9. Avoid passive voice. Eliminate or rewrite all to be verbs. Passive voice dulls the text, so replace the passive with the active voice.
  10. Reveal the ending. Professionals need to know.

Common Mistakes in Writing a Synopsis

Missing the word count requirement. If the agent gives a specific word count, you might have to rewrite your synopsis several times to meet that number. Follow the requirements.

Too much detail about the setting. Be succinct, set in rural England, set in the Rocky Mountains, set in Chicago. That’s all they need.

Too much detail about the character. Agents don’t expect the longer or more refined detail. Remember, you only have a certain amount of words. Don’t waste them.

Hidden plot twists. The synopsis is the perfect place to use spoilers. Tell the twists you’ve included.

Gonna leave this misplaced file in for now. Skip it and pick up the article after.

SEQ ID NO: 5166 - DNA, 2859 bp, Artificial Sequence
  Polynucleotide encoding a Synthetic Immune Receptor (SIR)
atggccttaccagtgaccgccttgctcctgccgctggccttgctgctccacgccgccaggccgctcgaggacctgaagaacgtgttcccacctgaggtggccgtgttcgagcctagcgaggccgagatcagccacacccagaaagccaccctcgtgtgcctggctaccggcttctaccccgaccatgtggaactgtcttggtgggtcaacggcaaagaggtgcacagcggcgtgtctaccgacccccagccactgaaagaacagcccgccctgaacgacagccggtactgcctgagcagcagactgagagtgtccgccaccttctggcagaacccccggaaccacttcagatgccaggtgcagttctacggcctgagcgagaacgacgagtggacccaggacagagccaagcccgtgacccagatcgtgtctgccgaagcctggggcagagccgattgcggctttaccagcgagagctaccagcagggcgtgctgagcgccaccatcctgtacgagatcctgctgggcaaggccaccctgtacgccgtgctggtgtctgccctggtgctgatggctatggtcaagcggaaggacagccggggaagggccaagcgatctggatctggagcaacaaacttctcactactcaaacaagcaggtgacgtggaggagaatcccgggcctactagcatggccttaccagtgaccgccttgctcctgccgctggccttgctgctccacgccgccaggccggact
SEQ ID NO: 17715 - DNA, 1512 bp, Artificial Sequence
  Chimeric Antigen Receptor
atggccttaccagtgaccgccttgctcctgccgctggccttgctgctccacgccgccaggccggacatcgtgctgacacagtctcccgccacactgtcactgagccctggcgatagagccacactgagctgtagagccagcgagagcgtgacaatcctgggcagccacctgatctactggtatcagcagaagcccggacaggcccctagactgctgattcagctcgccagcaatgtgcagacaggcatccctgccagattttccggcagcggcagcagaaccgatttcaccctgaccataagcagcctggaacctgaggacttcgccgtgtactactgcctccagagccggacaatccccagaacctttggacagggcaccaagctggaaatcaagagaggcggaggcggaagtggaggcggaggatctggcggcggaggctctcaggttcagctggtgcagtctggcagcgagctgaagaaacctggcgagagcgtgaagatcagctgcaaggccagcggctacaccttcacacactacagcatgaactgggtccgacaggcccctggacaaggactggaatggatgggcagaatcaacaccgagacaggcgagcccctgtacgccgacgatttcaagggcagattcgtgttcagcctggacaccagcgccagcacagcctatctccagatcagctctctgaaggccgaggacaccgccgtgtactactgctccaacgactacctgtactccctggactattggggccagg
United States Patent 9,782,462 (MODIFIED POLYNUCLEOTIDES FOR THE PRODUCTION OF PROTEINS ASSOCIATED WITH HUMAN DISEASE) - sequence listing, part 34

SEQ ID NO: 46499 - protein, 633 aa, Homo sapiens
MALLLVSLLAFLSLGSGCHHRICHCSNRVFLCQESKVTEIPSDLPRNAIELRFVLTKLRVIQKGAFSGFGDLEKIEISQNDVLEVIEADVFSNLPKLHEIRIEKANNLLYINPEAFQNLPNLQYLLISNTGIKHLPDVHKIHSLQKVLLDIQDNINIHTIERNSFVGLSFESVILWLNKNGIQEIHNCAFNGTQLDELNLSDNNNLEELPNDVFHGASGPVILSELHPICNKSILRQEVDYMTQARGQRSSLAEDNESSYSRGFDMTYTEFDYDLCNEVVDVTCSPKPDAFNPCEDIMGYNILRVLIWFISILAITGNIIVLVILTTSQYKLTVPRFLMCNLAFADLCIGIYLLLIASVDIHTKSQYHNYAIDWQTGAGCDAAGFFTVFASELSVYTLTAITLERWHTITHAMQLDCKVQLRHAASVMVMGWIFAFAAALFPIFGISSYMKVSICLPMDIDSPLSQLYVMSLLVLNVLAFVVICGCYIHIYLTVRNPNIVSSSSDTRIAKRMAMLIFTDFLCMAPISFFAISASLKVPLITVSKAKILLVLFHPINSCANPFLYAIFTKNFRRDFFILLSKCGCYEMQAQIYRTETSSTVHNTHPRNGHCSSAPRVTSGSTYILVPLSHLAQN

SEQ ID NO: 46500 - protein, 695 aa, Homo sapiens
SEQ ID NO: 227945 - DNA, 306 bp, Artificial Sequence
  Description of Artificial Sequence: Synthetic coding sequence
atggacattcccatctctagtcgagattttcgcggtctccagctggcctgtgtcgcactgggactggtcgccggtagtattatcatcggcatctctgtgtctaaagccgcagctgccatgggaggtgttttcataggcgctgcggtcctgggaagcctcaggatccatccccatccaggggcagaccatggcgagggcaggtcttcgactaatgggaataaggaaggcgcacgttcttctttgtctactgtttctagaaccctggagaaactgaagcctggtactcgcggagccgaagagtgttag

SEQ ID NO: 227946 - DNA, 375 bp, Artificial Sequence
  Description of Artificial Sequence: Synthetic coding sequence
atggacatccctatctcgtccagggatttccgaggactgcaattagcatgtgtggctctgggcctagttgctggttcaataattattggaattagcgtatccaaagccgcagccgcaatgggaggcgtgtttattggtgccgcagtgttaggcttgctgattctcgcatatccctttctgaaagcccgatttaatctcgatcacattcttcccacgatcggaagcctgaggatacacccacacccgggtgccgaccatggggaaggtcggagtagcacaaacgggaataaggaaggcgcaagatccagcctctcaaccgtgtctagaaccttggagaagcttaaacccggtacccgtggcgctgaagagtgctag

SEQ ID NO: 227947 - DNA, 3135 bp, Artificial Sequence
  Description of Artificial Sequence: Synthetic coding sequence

Telling about the novel. Don’t say that the novel picks up … or … this novel tells the story of …, etc. Stick to the guidelines.

Too many characters. Introduce four or five characters, max. That’s all the agent wants to deal with in a synopsis. If the story needs others, use identifying terms such as, “the FBI agent” or “his secretary”.

Forgot to use capitals when introducing characters? Make it as easy as you can for the agent.

Title missing. The heading “Synopsis” isn’t enough. The title and your name should be at the top of your document. For example, The Daisy Chain, and below that your name in smaller text, Penelope Clark.

Used a generic filename. Make it easy for the agent to find your work.

Bad writing. You don’t have to write as if you had a magic pen, but you’re a writer trying to sell your work. Don’t use clumsy or badly expressed sentences and edit until the synopsis is error free.

If you’re not committing these errors, congratulations, you’re probably good to go.

As usual, my email is [email protected] if you have questions, let me know. I’ll try to help.